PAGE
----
The Sweet Hereafter (film)
|The Sweet Hereafter|
North American theatrical release poster
|Directed by||Atom Egoyan|
|Produced by||Atom Egoyan
|Screenplay by||Atom Egoyan|
|Based on||The Sweet Hereafter
by Russell Banks
|Music by||Mychael Danna|
|Editing by||Susan Shipton|
|Distributed by||Fine Line Features|
|Running time||112 minutes|
Life is difficult in a small town in British Columbia in the wake of a terrible school bus accident in which numerous local children are killed. Hardly able to cope with the loss, their grieving parents are approached by a lawyer, Mitchell Stephens (Ian Holm), who wants them to sue for damages by claiming the bus was faulty. Stephens is aware that urging for a class action suit while the town is so aggrieved is ethically questionable, but persists anyway. He is meanwhile haunted by his dysfunctional relationship with his own adult daughter, a drug addict. At first most of the parents are reluctant to sue, but eventually they are persuaded by Stephens that filing a class action lawsuit would ease their minds and also be the right thing to do.
As most of the children are dead, the case now depends on the few surviving witnesses to say the right things in court. In particular, it is 15-year-old Nicole Burnell (Sarah Polley), who was sitting at the front of the bus and is now paralyzed from the waist down, whose deposition is all-important. Before the accident, Nicole was a budding country music prodigy and she senses that her parents want justice and a large cash settlement to replace her lost music earnings—and not necessarily in that order. In the pretrial deposition, she unexpectedly accuses driver Dolores Driscoll (Gabrielle Rose) of speeding and thus causing the accident. When she does so, all hopes of holding the bus company liable vanish along with the possibility of a big settlement. It is implied that Nicole's motivation was partly to punish her father, who was sexually abusing her. Those involved know that Nicole is lying but can do nothing. The trial never occurs, leaving the townspeople, and Stephens, to cope in other ways with the uncertain future.
- Ian Holm as Mitchell Stephens (lawyer)
- Caerthan Banks as Zoe Stephens (daughter)
- Sarah Polley as Nicole Burnell (victim)
- Tom McCamus as Sam Burnell (father)
- Brooke Johnson as Mary Burnell (mother)
- Alberta Watson as Risa Walker (parent)
- Maury Chaykin as Wendell Walker (parent)
- Bruce Greenwood as Billy Ansel (parent)
- Gabrielle Rose as Dolores Driscoll (bus driver)
- David Hemblen as Abbott Driscoll (husband)
- Arsinée Khanjian as Wanda Otto (parent)
- Earl Pastko as Hartley Otto (parent)
- Stephanie Morgenstern as Allison O'Donnell (airline passenger)
- Mychael Danna as Live band harmonium player (uncredited)
See article on the novel.
Banks approved of Egoyan's adaptation, playing a role in the film as the town doctor, and discussing the film with Egoyan in the DVD's commentary track. Not only did Banks approve of the adaptation, but he also freely admitted that this was one instance in which the film was better than the book.
In adapting the novel, Egoyan changed the setting from Upstate New York to Canada. Another major change is Egoyan's addition of references to the story of The Pied Piper of Hamelin by Robert Browning, which Nicole is seen reading to children who later die in the accident. In that story, the Pied Piper leads all the children away, never to return, after their parents refuse to honour their debt to him. The only child left in the now-childless town is a crippled child who was unable to follow the Piper's song and now wishes he could have gone with the other children. In the movie, the survivor, Nicole, clearly identifies with this child, in contrast to her motivation in the novel where she is primarily acting out of anger against her father.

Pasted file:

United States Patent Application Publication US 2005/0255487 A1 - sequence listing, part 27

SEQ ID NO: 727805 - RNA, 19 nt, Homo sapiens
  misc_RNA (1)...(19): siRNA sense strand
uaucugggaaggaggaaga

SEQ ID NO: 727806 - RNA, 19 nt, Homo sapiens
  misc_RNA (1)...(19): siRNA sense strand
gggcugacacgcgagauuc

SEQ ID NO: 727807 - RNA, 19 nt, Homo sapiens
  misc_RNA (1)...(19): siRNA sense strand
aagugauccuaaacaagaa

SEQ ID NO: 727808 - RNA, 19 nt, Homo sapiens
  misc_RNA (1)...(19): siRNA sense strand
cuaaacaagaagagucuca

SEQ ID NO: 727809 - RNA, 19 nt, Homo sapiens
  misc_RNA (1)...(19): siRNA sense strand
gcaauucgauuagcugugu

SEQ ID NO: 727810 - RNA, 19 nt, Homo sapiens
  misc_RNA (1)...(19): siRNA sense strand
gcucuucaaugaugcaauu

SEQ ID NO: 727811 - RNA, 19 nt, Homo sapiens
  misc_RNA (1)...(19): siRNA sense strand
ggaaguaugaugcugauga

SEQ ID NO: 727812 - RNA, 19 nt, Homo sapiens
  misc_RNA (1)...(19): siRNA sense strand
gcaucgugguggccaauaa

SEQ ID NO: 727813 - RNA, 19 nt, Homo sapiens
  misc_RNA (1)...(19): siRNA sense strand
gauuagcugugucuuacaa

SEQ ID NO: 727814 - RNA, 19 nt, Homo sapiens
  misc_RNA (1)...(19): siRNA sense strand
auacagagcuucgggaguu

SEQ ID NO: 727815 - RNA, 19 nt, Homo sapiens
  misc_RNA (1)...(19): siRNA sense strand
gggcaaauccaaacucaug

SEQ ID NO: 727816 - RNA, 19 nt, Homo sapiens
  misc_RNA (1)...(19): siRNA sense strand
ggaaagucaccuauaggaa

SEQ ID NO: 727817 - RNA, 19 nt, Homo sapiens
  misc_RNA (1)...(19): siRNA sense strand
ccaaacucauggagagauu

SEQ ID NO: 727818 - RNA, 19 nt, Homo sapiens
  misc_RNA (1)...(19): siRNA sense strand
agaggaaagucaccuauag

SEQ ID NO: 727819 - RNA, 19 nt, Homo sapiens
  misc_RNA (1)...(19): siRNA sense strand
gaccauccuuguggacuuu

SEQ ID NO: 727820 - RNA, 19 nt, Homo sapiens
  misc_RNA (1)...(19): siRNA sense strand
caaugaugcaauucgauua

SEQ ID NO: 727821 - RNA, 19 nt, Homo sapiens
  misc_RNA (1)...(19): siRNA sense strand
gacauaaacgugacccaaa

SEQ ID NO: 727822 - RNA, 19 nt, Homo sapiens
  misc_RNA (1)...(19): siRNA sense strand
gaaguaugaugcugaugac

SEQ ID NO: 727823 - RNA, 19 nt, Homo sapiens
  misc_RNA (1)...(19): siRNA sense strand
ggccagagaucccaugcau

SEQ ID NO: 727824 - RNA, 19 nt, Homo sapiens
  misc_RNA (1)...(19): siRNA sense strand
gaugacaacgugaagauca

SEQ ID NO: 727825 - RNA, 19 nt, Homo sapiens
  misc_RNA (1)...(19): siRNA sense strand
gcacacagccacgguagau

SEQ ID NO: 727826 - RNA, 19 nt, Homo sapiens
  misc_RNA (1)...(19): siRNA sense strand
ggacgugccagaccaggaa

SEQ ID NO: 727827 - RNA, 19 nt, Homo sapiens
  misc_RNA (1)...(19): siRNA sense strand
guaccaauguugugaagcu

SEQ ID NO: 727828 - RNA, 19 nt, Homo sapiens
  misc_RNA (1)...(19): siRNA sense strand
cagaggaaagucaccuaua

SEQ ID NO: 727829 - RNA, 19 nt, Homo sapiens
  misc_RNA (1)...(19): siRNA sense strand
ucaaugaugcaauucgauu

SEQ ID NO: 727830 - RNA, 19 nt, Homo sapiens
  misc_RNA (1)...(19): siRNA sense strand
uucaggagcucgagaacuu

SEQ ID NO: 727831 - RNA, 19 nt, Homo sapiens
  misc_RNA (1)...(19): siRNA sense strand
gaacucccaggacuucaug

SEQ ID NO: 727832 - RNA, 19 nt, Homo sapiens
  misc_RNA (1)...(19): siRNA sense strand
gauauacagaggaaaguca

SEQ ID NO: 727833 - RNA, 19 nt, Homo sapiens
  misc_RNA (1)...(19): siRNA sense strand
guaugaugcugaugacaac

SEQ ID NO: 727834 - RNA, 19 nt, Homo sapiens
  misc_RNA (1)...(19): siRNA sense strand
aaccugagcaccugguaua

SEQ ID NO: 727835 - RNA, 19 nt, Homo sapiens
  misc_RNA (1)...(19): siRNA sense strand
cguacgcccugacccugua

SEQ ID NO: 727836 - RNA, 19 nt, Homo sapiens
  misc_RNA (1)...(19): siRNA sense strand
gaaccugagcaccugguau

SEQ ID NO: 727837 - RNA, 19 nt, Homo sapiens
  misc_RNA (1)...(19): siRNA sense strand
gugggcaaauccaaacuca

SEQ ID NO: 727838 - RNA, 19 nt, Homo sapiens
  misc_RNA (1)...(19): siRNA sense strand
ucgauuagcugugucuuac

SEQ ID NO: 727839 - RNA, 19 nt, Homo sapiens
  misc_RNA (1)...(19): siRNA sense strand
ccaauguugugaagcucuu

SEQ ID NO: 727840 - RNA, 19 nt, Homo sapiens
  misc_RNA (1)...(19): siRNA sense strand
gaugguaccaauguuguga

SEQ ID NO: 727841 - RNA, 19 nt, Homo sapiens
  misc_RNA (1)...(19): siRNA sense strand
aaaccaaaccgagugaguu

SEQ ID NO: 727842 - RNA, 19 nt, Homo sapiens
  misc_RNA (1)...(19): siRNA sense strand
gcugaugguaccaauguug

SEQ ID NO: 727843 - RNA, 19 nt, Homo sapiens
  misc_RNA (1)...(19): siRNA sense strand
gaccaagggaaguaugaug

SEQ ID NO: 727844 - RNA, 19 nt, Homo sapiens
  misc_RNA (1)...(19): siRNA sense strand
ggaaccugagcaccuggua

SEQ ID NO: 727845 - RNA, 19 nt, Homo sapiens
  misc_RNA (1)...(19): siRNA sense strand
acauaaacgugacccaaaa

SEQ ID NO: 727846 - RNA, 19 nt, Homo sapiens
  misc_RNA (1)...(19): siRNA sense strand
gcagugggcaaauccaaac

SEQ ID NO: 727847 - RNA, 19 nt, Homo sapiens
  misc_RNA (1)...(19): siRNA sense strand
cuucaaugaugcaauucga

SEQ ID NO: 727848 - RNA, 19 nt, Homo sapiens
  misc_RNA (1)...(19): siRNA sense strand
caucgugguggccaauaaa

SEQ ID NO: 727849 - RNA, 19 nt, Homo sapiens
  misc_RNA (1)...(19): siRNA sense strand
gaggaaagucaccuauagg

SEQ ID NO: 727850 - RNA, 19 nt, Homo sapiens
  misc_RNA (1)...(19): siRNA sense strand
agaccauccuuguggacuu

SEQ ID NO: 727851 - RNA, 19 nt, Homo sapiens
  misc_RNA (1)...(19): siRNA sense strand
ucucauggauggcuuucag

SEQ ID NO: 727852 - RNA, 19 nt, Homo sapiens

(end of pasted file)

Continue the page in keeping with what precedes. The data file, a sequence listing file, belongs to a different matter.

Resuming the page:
Polley's character, Nicole, was an aspiring singer before the accident, and is seen on stage at various points in the film performing both The Tragically Hip's "Courage (for Hugh MacLennan)" and Jane Siberry's "One More Colour". The Tragically Hip's original version of "Courage" also appears in the film.
The film received overwhelming critical acclaim upon its release. It holds a rare 100% rating at Rotten Tomatoes, with an average score of 8.9/10 based on 53 reviews, and a 100% rating based on 15 "Top Critic" reviews. In 2002, readers of Playback voted it the greatest Canadian film ever made. In 2004, the Toronto International Film Festival ranked it fourth in the Top 10 Canadian Films of All Time.
The Sweet Hereafter won three awards at the 1997 Cannes Film Festival: the FIPRESCI Prize, the Grand Prize of the Jury, and the Prize of the Ecumenical Jury. It won Best Motion Picture, Best Director, Best Cinematography, Best Actor (Holm), and three other prizes at the Genie Awards. It was also nominated for Best Director and Best Adapted Screenplay at the 70th Academy Awards, but lost to Titanic and L.A. Confidential, respectively.
- "The Sweet Hereafter (1997) - Box Office Mojo". Box Office Mojo. Retrieved 13 February 2011.
- "Filming Locations for The Sweet Hereafter". The Internet Movie Database (IMDB). Retrieved 2007-01-15.
- Rotten Tomatoes Review, http://www.rottentomatoes.com/, retrieved 09/13/2009
- Playback's all-time best movies list, http://www.playbackonline.ca/, retrieved 09/13/2009
- "Top 10 Canadian Films of All Time," The Canadian Encyclopedia, 2012, URL accessed 28 April 2013.
- "Festival de Cannes: The Sweet Hereafter". festival-cannes.com. Retrieved 2009-09-23.
- The Sweet Hereafter at the Internet Movie Database
- The Sweet Hereafter at Rotten Tomatoes
- The Sweet Hereafter at Metacritic
- Film reviews
- Script of movie